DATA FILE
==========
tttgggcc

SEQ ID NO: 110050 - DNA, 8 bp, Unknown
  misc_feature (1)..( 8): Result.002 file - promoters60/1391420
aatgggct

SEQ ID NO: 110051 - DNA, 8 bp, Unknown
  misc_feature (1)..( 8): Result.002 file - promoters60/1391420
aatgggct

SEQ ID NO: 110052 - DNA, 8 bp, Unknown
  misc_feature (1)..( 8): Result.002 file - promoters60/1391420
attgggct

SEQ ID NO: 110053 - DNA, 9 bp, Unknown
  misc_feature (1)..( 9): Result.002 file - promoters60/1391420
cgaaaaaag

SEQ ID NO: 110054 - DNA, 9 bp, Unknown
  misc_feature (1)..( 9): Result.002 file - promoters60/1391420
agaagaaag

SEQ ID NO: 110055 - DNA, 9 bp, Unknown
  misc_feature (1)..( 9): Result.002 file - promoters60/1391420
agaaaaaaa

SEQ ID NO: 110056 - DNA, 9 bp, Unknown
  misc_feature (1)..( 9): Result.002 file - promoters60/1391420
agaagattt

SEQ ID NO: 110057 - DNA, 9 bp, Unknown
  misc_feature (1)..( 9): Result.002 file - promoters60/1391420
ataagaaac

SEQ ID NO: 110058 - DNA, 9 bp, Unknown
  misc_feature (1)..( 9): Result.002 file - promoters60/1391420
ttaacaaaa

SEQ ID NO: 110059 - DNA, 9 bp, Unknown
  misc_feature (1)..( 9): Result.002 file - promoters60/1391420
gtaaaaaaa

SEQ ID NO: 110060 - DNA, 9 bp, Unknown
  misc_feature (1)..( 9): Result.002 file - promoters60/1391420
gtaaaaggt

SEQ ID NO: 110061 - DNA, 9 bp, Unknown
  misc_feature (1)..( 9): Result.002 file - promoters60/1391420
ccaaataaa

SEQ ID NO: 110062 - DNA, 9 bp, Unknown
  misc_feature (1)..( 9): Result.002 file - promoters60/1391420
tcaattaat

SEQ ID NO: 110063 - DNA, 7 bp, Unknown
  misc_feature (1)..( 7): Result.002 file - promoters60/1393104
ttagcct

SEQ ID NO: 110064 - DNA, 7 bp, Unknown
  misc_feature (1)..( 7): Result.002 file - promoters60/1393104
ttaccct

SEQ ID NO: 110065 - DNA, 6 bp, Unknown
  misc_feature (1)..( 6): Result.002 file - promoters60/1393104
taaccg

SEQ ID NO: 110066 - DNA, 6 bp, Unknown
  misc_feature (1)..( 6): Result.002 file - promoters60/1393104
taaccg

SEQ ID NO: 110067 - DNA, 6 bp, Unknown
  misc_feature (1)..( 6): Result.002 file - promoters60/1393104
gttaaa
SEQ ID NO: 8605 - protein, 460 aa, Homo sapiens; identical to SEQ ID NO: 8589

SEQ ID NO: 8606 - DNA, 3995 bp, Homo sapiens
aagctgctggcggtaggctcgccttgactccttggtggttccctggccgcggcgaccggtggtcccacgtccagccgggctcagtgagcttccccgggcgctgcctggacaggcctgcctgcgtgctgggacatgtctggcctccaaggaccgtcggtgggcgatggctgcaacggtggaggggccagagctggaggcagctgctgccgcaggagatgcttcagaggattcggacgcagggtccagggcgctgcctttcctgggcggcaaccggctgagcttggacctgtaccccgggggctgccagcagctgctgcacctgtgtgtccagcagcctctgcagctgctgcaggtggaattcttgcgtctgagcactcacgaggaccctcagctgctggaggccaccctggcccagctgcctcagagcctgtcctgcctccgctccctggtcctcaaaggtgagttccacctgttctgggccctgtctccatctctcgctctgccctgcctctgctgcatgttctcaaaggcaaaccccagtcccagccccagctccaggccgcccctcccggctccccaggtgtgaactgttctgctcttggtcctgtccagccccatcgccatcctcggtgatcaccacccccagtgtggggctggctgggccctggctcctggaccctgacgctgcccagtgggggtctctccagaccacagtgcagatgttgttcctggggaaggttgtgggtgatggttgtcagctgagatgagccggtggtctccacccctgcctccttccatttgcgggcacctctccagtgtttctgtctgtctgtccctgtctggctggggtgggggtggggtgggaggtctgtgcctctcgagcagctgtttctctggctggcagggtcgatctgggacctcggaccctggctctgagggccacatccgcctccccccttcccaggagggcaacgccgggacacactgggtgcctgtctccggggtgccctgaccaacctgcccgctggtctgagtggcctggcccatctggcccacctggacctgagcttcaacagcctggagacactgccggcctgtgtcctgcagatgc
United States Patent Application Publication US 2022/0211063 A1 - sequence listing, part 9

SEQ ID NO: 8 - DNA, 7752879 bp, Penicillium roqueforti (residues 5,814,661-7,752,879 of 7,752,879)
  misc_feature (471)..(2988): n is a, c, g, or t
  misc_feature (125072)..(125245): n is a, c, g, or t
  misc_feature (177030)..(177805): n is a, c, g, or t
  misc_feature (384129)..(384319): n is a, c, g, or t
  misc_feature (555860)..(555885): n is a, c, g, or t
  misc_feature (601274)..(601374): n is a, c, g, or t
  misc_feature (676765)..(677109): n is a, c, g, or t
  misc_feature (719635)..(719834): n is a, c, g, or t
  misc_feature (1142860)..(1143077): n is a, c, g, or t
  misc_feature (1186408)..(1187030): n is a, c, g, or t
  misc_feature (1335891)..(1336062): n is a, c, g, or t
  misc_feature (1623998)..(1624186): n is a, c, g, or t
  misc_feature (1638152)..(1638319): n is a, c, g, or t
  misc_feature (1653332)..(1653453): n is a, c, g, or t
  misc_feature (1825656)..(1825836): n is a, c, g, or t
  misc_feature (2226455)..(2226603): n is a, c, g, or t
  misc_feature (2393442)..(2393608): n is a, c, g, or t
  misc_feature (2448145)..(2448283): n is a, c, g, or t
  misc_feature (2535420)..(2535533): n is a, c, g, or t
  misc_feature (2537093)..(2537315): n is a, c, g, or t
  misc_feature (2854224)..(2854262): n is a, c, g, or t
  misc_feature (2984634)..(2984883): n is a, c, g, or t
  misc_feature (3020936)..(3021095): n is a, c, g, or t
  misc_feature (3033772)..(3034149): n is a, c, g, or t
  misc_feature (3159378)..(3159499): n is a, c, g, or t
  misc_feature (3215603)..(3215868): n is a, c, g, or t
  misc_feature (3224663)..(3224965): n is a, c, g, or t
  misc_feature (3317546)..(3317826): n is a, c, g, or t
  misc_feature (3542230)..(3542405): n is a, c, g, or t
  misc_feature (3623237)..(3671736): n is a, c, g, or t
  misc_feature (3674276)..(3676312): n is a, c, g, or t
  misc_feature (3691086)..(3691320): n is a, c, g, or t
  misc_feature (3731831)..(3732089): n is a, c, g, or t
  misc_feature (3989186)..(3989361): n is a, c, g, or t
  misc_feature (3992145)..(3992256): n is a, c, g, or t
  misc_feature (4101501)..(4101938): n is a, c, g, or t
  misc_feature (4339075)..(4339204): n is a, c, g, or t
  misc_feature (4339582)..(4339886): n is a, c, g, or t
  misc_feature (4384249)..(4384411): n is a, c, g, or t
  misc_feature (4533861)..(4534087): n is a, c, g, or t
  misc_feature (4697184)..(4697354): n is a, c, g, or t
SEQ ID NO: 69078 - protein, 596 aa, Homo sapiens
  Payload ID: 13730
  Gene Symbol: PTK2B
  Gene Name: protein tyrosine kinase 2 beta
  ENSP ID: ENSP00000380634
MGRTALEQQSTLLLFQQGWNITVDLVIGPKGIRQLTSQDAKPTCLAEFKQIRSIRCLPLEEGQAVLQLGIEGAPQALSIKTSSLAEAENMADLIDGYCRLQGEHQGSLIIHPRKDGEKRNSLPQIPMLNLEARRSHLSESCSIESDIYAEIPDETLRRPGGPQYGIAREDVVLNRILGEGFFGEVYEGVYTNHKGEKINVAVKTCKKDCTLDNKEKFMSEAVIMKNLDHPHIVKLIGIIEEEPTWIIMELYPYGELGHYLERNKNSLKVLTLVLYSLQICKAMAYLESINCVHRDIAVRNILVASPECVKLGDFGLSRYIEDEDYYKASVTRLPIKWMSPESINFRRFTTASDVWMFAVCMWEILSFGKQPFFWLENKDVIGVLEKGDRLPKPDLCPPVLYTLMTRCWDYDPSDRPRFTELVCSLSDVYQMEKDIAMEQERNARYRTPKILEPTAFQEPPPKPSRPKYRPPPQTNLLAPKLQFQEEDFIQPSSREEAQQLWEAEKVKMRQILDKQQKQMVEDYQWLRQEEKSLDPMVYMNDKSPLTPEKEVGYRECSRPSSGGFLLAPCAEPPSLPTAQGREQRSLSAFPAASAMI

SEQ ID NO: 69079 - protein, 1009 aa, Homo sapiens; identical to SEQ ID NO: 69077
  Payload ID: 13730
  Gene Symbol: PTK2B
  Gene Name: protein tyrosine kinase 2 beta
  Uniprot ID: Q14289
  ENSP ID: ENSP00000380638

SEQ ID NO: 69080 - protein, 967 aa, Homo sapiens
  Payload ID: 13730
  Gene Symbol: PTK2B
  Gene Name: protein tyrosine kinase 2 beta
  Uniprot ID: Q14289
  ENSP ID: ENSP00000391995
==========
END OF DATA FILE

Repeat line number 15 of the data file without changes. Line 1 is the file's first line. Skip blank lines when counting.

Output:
  misc_feature (1)..( 9): Result.002 file - promoters60/1391420